Transcript for Wadsworth, Joseph Warren, [Autobiography], in Abiah Wadsworth: His Wives and Family, 1810-1979 [1979], 43-44

I started for Salt Lake along in the last part of August with three yoke of cattle and a good wagon. I reported to Bishop Hunter at the tithing yard. On the way to Salt Lake, I had picked up three yoke of cattle that had been volunteered. One yoke by a man named Cherry, one by Ziras Kilburn, and one yoke by a man whose name I have forgotten. While I was driving around picking up my supplies, I was using my whip pretty freely. Bishop Hunter was standing on the platform watching me and when I drove up to the platform to get my flour, he made a remark about me being an ox driver and said he had a yoke of cattle of his own that he wanted me to take. I refused as I thought I had about all I could handle, but he would not listen to me and insisted on my taking his along. This made me seven yoke to look after. The orders were for each man to take care of the cattle he was driving and not get them mixed with the other cattle. I then left for the meeting place which was between the Big and Little Mountain laying directly east of Salt Lake City. Arriving there, we waited for the rest of the volunteers until Monday morning. In the party there were about five wagons and sixty yoke of cattle under the leadership of Captain Fuller.

We met the first party on Monday on the East Canyon stream. They were in good shape and they did not need any help. We did not meet any more until we arrived at Quaking Asp Ridge, where we met another company of fifty who went on through without any assistance. We then met companies every little ways all in good condition. When we got to Big Bend on the Sweet Water, Captain Fuller came to Dad Blodgett and asked him if he and Joe Wadsworth could take sixteen yoke of cattle and go and meet the last company. Dad Blodgett did not want to go and told the Captain that he didn’t think Joe would go. The Captain asked him if he would go if I would and he said yea. He then came to me and asked me if I would go if Dad Blodgett would go and I, thinking Dad Blodgett wouldn’t go, answered yes. It so happened that he and I had to go. I was then a boy of 21 years of age and Blodgett was a man of 60 years past and a cripple at that.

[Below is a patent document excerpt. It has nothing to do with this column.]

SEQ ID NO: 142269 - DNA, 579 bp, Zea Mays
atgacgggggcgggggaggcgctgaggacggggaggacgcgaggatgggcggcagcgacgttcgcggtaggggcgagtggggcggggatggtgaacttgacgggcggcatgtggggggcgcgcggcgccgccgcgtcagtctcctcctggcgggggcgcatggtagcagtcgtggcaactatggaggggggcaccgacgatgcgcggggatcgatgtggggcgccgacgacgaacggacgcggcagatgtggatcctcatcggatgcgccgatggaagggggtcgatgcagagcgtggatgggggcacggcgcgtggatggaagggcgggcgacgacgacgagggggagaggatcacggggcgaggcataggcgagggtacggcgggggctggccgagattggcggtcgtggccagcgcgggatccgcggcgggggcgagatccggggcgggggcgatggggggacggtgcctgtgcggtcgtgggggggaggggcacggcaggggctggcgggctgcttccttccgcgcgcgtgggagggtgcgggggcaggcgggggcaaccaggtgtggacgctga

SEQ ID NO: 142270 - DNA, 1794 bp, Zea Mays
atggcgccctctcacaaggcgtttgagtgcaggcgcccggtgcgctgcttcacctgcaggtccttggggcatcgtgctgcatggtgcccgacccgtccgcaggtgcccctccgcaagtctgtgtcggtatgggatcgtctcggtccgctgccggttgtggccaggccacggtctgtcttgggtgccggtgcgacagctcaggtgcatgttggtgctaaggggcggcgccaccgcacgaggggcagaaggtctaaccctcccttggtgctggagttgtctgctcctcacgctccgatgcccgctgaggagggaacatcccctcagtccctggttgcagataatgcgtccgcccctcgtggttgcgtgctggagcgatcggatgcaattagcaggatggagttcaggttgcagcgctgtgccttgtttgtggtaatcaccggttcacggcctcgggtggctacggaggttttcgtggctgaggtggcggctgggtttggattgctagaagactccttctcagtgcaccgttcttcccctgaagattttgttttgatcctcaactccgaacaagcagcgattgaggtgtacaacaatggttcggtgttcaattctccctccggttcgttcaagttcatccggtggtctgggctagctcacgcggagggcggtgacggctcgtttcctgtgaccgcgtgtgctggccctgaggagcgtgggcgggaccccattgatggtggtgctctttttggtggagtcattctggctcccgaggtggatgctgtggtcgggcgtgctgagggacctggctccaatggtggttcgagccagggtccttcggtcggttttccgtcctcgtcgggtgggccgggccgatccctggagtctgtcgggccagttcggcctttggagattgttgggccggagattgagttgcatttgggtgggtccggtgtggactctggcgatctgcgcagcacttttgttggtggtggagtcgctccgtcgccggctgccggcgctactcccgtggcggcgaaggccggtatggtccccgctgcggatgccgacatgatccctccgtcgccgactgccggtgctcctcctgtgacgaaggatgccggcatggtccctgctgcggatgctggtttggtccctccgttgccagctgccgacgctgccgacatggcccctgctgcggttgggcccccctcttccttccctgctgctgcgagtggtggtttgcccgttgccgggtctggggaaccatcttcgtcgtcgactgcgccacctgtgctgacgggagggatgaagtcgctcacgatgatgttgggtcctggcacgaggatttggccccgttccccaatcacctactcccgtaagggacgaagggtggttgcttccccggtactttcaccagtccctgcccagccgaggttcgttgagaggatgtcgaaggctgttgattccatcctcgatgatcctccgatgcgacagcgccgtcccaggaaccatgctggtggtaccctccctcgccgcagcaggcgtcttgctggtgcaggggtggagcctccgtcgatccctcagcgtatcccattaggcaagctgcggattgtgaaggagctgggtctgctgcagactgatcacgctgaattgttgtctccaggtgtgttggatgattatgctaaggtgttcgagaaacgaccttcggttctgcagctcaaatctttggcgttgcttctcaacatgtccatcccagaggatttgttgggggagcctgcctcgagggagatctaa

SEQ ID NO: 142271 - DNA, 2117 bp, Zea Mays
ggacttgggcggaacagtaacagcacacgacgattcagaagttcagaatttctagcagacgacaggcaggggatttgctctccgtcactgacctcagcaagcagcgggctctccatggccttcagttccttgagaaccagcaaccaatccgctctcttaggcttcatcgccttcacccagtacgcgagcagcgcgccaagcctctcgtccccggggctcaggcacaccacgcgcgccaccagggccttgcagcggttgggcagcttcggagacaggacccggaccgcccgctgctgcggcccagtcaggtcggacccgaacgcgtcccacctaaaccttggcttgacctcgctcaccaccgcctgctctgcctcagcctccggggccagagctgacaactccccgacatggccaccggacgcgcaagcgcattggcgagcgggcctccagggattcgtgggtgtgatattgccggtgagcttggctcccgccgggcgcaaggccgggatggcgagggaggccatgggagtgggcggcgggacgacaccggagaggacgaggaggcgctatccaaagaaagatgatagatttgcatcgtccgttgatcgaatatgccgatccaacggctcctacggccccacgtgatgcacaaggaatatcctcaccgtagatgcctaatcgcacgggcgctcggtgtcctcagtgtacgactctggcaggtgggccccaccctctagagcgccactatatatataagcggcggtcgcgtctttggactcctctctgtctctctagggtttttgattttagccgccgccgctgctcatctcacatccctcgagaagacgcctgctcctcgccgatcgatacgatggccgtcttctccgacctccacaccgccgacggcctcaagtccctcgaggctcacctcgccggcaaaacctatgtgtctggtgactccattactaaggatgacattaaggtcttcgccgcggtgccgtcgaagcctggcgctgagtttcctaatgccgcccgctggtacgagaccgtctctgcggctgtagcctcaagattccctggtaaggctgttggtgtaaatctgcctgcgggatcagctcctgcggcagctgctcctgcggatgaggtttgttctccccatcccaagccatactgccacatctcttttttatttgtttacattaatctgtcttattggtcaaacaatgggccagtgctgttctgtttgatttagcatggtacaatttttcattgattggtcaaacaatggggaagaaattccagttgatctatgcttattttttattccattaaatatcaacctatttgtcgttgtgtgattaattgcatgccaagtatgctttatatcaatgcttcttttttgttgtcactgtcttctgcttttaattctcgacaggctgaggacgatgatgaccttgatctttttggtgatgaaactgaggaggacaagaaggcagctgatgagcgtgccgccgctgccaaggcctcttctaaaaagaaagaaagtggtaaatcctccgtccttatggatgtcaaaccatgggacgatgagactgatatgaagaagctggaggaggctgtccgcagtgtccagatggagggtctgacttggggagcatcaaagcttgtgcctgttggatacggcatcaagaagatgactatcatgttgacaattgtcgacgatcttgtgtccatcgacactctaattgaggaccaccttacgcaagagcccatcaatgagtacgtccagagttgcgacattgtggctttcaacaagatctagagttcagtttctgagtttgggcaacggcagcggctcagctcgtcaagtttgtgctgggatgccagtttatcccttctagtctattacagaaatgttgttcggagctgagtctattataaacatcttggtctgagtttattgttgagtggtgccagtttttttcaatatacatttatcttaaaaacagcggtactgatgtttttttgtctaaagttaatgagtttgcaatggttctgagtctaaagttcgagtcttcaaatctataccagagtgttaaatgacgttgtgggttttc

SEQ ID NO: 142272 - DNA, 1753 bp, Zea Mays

We then started out with 16 yoke of cattle to meet the last company. We met them at Devil Lake on the Sweet Water. If it had not been for help, they would never have reached the Great Salt Lake. We took their cattle off and put our cattle on as we would not have the poor and fat cattle mixed. When we met them, they were about discouraged, but their spirits rose when they saw us coming. We stayed over night and got an early start on our way back. On the second or third day on our way home, a big snow storm came up. It was so severe that we pulled in the willows to camp for the night.

On getting up in the morning, imagine our surprise to find all our cattle gone. They had broken away in the night and went south with the storm. Blodgett and I and several others started out to find the cattle. Blodgett and I stayed together, and the others separated going in all directions. Blodgett and I stayed together until noon and then we separated. He finally found the trail where the cattle crossed the creek and found the cattle several miles south on good feed. The cattle were driven back and watched until the next morning as it was too late to travel any that day. Everything went all right with us but the weather was freezing cold.

We caught the Sugar Train that was one day ahead of us. They had a hard time as 40 head of their cattle had frozen the night before. They had to leave 10 wagons and had to go back for them the next spring. We left them and came on through, arriving in Salt Lake without further trouble in the first part of November.